Yesterday, I had the opportunity to observe a panel on immigration reform that featured Jose Antonio Vargas. I attended the event with two of my friends, both of whom are also AAPI interns in D.C. this summer. At one point during the panel, the moderator framed the current immigration bill as a civil rights movement for Latinos. When he said that, all three of us cringed. I heard stories of undocumented AAPI experiences that belong to a Pakistani child who immigrated for facilities that treat cancer, a Chinese immigrant who overstayed her visa because her father’s rash prevented everyone in their family from being fingerprinted, and more. This issue affects our communities on multiple levels. It’s an AAPI issue that attacks the way our different communities honor family and challenges our claim to being American.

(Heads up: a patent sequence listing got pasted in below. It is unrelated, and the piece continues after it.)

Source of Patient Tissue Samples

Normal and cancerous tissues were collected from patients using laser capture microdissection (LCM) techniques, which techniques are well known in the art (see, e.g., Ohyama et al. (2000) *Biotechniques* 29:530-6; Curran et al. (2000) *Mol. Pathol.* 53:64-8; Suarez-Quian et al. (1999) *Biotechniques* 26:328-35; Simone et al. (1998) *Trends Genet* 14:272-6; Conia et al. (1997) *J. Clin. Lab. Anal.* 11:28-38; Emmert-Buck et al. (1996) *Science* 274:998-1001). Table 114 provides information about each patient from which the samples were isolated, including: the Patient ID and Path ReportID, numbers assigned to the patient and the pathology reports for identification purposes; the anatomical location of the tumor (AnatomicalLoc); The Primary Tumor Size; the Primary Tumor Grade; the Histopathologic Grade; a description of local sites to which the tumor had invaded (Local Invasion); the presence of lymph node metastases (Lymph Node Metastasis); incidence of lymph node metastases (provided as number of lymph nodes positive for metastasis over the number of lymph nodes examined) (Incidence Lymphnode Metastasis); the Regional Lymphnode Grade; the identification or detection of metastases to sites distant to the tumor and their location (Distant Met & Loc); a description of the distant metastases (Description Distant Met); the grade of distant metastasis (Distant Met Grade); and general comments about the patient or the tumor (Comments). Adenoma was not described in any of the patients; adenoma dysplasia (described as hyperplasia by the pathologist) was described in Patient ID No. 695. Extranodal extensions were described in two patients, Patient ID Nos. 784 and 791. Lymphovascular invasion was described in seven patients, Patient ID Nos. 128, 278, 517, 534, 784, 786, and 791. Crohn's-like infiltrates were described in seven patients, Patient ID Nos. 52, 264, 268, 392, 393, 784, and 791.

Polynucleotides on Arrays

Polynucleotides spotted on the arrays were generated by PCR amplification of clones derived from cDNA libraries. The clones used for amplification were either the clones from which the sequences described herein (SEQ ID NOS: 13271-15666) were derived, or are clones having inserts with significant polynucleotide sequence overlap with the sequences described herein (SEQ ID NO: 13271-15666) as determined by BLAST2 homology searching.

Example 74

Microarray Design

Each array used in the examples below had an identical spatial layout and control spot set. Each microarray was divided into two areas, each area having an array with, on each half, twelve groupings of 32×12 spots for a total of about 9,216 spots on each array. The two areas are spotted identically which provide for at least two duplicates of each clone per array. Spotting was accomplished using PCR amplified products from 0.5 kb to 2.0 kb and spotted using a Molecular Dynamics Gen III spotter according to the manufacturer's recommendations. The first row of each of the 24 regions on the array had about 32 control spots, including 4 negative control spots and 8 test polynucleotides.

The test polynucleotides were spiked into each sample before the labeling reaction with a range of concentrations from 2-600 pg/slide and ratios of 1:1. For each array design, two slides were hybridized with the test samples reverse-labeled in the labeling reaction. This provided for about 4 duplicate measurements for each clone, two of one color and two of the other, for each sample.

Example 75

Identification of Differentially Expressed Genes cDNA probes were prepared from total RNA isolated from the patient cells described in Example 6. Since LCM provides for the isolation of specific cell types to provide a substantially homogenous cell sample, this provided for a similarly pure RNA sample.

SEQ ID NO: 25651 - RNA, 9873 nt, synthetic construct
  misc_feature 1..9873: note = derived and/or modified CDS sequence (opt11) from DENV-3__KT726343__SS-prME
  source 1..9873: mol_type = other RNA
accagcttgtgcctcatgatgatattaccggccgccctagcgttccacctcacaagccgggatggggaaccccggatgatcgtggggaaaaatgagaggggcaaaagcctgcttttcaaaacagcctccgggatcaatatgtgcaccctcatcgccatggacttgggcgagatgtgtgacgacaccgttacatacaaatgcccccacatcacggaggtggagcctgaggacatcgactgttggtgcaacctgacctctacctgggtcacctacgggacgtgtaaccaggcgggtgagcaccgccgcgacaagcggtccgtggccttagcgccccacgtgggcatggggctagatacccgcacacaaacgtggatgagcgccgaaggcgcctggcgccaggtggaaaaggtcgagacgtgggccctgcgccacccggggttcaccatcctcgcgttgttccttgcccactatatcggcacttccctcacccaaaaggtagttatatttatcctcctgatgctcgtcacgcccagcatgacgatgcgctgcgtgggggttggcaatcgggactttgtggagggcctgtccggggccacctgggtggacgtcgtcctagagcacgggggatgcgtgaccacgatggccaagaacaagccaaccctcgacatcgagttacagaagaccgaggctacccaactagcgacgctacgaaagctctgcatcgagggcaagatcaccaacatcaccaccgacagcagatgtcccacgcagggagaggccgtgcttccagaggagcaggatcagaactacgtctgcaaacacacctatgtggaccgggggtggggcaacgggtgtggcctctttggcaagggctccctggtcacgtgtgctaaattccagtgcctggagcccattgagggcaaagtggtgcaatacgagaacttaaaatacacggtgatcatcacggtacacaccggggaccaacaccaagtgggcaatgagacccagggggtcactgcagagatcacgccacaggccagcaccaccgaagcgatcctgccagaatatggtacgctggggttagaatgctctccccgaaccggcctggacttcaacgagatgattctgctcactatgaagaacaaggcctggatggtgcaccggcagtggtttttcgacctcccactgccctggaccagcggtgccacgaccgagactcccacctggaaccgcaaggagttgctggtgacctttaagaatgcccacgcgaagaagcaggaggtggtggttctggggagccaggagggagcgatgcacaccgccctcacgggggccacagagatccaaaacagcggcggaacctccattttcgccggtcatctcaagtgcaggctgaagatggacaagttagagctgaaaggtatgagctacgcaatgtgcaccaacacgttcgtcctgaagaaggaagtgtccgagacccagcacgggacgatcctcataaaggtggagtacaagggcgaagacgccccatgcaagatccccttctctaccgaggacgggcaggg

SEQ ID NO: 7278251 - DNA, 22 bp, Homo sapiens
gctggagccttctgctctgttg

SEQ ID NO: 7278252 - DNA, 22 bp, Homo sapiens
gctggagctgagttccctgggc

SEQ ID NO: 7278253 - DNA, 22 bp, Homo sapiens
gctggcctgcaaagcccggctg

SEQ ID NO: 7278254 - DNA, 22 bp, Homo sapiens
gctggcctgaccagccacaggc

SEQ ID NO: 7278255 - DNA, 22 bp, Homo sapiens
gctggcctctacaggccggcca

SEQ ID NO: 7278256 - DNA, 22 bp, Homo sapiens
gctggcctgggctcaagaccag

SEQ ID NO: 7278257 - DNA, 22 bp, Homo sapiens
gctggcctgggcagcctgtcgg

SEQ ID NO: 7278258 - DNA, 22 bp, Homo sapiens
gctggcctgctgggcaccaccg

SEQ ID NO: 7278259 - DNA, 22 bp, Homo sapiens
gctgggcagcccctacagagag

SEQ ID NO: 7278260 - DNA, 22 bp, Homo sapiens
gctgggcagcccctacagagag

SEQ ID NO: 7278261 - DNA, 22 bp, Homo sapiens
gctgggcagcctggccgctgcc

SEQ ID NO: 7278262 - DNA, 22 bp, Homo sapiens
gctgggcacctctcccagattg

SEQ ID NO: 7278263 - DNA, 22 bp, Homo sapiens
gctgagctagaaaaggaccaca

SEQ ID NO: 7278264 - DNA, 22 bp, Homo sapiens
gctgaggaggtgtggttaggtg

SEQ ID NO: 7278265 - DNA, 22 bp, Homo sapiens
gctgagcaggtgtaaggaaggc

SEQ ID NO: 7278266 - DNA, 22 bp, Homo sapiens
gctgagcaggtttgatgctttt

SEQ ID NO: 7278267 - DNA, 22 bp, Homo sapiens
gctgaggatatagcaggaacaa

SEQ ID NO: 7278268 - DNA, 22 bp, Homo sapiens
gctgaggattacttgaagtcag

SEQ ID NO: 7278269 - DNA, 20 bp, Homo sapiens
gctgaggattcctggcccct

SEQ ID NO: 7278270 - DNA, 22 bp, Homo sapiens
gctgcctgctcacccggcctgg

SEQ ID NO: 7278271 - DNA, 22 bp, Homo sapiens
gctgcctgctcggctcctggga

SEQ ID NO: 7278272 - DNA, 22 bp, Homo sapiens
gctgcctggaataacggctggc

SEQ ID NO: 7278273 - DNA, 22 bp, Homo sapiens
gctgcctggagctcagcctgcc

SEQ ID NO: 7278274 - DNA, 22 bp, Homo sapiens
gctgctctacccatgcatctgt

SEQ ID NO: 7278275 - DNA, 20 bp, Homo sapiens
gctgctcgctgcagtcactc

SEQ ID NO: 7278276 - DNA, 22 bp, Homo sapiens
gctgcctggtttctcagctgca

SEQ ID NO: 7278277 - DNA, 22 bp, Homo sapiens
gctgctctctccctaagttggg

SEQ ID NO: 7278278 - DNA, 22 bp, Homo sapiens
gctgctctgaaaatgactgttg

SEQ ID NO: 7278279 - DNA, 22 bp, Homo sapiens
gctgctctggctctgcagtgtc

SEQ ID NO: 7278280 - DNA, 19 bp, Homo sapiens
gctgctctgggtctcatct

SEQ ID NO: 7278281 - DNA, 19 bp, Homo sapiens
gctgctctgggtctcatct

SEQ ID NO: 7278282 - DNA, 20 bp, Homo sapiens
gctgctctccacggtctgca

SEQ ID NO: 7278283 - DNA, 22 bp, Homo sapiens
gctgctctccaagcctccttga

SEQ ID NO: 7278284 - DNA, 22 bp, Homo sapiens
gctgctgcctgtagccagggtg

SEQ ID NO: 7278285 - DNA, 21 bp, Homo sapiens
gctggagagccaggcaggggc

Immediately after the moderator asked his question, two of the panelists responded by saying that this is an AAPI issue in addition to being a Latino issue. For the three of us, it was only too obvious. However, knowing that this fact still needs to be continually uttered through the panelists’ responses and this blog post is a reminder that not everybody remembers our stake in immigration. Consequently, it’s a reminder that not everybody remembers we have a stake in being American. As a queer person of color, I know only too well the feeling of “coming out” and acknowledging my identity. Coming out is what allowed us to be recognized and acknowledged beyond the stereotypes that others hold. For many undocumented AAPI immigrants, coming out of the shadows is their way of asking for that same recognition. As a result, it is critical that we remember immigration reform is also an AAPI issue.